Musk Deer – Vanishing of the Exquisite Scent!

This paper discusses the threatened condition of musk deer with focus on taxonomy of musk deer, distribution of musk deer, production of musk, uses of musk both as a perfume and medicine, trade of musk, and conservation status of musk deer. The author of this paper aims to emphasize the exquisiteness of the musk secretion both as a perfume and medicine, and hence, the need to save the musk deer from getting extinct.


The musk deer is best acknowledged for its extraordinarily pleasant perfumed secretion known as the musk. This secretion ranks among the most valuable natural products in the world both for its fragrance and medicinal virtues, and has played the most important role in the decline of the population of musk deer on this planet. The rampant hunting of musk deer for international trade of musk products has resulted in the vanishing of the exquisite scent at an accelerated rate.


Taxonomy / Classification of Musk Deer

Musk deer are deer-like animals belonging to the family Moschidae of the order Artiodactyla under the class Mammalia. The following species of musk deer (genus Moschus) have been recognized, viz. –


Moschus moschiferus –
It is also known as Siberian musk deer or Taiga musk deer.

M. berezovskii – It is also known as Forest musk deer, Chinese Forest musk deer, South China Forest musk deer, or Dwarf musk deer.

M. chrysogaster – It is also known as Alpine musk deer.

M. leucogaster – It is also recognized by the name of Himalayan musk deer.

M. cupreus – It is also recognized by the name of Kashmir musk deer.

M. anhuiensis – Moschus anhuiensis is also known as Anhui musk deer.

M. fuscus – Moschus fuscus is also recognized by the name of Black musk deer or Dusky musk deer.


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Along the Rivers – The Gallery Forests

Along the Rivers – The Gallery Forests

In this research paper, I have explored the gallery forests by clarifying the concept behind the term “gallery forest”, and studying their biogeography by reviewing some important ecoregions of North America and South America. I have discussed some of the notable gallery forests found in the Americas with respect to their geography, flora, and fauna. It is hoped that this paper will serve the interests of biologists, ecologists, botanists, zoologists, arborists, forest ecologists, biogeologists, biogeographists, and all other people including professionals, students, and laymen eager to learn about the gallery forests.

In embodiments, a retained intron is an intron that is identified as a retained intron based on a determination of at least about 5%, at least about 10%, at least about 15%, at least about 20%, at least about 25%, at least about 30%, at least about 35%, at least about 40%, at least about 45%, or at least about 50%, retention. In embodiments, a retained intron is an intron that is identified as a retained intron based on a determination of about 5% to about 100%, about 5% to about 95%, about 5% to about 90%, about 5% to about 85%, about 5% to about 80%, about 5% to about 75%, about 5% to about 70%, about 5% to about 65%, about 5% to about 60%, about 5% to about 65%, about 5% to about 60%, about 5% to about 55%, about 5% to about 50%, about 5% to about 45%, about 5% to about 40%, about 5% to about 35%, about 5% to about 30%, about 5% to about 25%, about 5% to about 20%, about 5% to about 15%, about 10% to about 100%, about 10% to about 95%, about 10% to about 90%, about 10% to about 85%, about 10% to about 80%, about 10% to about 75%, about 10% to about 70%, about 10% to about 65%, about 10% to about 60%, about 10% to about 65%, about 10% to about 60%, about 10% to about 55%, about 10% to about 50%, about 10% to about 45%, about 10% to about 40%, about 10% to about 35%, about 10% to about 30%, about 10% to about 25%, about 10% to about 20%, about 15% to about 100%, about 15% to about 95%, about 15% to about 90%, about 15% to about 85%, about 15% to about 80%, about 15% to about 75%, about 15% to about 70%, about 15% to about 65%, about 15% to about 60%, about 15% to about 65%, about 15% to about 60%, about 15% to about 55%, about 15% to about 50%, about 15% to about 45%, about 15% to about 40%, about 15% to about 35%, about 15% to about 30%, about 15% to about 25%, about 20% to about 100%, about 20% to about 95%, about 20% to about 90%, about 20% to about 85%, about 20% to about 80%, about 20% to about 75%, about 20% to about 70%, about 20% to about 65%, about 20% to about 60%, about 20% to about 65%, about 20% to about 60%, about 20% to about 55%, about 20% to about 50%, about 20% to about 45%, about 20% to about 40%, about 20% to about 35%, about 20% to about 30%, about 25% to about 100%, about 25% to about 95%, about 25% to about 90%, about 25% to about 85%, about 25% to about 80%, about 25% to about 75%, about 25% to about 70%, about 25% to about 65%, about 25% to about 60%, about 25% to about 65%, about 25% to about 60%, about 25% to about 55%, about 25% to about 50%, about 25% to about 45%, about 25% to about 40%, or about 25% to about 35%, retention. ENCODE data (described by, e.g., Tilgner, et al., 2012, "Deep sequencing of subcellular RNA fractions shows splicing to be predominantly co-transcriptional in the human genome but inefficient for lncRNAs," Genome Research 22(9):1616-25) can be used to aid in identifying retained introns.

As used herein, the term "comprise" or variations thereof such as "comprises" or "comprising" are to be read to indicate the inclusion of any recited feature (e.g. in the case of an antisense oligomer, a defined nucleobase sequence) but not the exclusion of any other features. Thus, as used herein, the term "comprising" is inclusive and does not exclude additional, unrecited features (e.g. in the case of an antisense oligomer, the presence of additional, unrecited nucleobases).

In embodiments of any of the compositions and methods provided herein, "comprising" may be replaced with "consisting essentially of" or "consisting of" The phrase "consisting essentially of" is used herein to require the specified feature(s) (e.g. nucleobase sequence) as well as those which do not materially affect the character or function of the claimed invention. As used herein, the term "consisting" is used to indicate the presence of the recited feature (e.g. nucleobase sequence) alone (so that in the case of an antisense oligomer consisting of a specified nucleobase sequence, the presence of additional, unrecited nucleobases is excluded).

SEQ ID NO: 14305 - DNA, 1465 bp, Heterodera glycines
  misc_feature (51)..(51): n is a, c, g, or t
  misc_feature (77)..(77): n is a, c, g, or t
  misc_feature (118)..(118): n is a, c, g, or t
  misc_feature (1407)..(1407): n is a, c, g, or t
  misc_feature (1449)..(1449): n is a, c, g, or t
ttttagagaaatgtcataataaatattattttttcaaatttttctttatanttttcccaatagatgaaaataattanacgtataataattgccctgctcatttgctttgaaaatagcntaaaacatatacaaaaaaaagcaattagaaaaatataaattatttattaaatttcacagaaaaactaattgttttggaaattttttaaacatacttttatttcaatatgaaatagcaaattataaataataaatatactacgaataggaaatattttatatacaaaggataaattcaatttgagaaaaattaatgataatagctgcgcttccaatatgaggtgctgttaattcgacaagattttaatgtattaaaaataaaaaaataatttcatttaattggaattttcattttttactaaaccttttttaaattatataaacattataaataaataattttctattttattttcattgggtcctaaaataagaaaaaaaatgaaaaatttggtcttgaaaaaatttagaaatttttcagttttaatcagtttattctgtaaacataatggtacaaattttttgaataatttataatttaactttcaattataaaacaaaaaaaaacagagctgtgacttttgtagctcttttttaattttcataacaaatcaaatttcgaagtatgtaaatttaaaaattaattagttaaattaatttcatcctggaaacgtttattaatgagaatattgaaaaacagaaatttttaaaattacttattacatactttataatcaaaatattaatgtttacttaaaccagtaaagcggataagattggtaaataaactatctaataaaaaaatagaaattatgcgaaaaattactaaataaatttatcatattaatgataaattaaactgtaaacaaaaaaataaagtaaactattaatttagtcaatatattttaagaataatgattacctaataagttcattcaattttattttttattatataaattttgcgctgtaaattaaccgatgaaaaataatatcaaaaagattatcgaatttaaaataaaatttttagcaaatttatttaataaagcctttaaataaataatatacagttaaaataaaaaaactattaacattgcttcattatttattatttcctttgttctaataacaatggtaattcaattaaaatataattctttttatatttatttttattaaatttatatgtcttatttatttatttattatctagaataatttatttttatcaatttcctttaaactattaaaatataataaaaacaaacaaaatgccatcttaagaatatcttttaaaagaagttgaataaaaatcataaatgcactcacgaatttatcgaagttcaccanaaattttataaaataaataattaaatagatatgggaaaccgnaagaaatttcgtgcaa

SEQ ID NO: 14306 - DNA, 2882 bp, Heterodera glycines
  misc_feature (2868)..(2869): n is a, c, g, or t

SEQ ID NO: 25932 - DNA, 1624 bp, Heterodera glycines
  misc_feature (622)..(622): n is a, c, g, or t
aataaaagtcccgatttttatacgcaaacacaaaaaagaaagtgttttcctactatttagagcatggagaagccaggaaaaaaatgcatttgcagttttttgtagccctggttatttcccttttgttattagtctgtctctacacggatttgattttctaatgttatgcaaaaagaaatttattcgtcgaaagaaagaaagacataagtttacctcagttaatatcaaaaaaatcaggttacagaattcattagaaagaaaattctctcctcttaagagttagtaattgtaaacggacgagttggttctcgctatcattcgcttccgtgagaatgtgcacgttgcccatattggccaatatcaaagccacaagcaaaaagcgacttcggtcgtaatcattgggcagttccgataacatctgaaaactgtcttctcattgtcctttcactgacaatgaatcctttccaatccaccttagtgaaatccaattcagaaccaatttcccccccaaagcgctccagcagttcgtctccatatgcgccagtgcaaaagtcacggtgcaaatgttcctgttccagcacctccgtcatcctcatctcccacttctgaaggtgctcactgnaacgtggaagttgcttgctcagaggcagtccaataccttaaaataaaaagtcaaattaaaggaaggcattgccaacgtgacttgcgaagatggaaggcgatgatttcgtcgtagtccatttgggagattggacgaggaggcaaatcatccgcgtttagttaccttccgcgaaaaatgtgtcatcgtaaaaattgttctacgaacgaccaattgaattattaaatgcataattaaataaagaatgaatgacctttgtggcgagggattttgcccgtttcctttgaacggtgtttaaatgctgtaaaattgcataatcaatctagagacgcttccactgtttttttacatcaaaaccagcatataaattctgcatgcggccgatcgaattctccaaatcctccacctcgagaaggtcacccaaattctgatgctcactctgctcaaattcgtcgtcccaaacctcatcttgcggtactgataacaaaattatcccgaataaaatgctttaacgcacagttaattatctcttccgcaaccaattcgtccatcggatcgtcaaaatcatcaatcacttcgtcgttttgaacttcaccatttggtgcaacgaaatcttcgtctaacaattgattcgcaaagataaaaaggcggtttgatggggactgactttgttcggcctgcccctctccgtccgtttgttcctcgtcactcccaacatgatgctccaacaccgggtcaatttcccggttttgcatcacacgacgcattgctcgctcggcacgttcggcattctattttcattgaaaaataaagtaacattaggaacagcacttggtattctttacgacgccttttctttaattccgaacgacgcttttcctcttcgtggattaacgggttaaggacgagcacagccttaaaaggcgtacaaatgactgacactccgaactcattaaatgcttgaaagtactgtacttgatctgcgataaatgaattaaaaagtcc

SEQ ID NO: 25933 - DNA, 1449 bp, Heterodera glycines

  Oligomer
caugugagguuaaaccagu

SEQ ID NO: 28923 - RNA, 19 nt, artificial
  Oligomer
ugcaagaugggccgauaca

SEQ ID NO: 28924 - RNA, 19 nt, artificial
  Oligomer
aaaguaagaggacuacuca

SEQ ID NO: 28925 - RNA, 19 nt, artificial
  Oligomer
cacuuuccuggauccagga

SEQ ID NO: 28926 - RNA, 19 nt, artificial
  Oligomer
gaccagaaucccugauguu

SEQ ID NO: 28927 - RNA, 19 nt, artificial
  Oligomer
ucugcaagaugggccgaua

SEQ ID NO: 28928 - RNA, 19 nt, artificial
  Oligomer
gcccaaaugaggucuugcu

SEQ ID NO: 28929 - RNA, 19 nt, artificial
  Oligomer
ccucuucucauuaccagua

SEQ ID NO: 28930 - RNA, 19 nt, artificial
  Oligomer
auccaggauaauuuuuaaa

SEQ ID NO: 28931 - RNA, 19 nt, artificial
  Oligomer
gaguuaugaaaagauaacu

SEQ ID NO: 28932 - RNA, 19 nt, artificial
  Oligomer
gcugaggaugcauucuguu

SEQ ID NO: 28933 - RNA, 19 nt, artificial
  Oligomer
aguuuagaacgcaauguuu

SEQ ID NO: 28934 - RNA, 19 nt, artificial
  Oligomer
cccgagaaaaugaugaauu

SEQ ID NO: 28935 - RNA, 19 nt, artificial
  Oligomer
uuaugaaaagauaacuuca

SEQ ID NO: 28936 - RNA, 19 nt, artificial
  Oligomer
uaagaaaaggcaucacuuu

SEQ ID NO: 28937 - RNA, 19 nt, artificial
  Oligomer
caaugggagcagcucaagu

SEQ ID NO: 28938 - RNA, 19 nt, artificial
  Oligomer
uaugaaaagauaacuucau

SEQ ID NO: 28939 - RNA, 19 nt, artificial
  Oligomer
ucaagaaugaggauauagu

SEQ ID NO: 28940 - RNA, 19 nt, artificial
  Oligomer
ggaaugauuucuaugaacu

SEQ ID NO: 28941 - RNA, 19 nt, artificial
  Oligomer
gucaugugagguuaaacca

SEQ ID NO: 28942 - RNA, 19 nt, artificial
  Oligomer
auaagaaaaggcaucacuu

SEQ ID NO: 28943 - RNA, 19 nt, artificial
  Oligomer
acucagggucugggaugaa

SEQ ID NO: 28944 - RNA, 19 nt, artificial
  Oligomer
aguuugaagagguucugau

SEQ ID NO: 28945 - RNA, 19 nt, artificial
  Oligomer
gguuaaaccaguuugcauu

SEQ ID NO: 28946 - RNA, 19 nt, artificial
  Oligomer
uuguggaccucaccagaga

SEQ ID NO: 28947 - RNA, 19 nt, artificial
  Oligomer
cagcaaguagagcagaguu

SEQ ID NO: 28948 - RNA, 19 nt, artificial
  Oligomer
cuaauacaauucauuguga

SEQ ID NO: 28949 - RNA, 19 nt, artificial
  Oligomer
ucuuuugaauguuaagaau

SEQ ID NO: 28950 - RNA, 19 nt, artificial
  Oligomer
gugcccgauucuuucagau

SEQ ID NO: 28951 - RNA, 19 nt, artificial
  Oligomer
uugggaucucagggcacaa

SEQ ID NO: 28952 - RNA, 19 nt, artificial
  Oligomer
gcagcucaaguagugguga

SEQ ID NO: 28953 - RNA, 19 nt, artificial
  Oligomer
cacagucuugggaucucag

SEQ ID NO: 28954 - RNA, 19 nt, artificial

A gallery forest is a narrow stretch or strip of forest along the banks of a water body, such as a river or stream, flowing through an otherwise open country. In the above context, an open country is defined as a region that is treeless or sparsely covered with trees. A gallery forest is also known as a fringing forest or riparian forest or riverine forest. Such forests are commonly found along the water bodies flowing through the savanna (or savannah) regions. The gallery forests are known to contain different types of woody vegetation. The width of a gallery forest may vary from several miles to complete absence along the same river.
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Porifera – The Biology of Sponges

This article reveals the Biology of Sponges (phylum Porifera) by studying the Morphology, Anatomy, Histology, and Physiology of Sponges. The author has also included the Reproduction and Development of Sponges.


Porifera
is a phylum comprising of the multi-cellular invertebrate animals called Sponges. The term “Porifera” literally means “Pore Bearers”. The animals of this phylum have tiny pores in their body walls, and this characteristic feature is the basis of the name of this phylum.


Porifera includes very primitive multi-cellular animals having only the cellular level of body organization with no tissues and organs. In Porifera (sponges), only cells show division of labor for the purpose of performing specialized functions. All Poriferans, animals of the phylum Porifera, are aquatic with most of them being marine. Sponges are sessile (not mobile) organisms including both solitary and colony-forming types.

Sycon or Scypha adidarwinian

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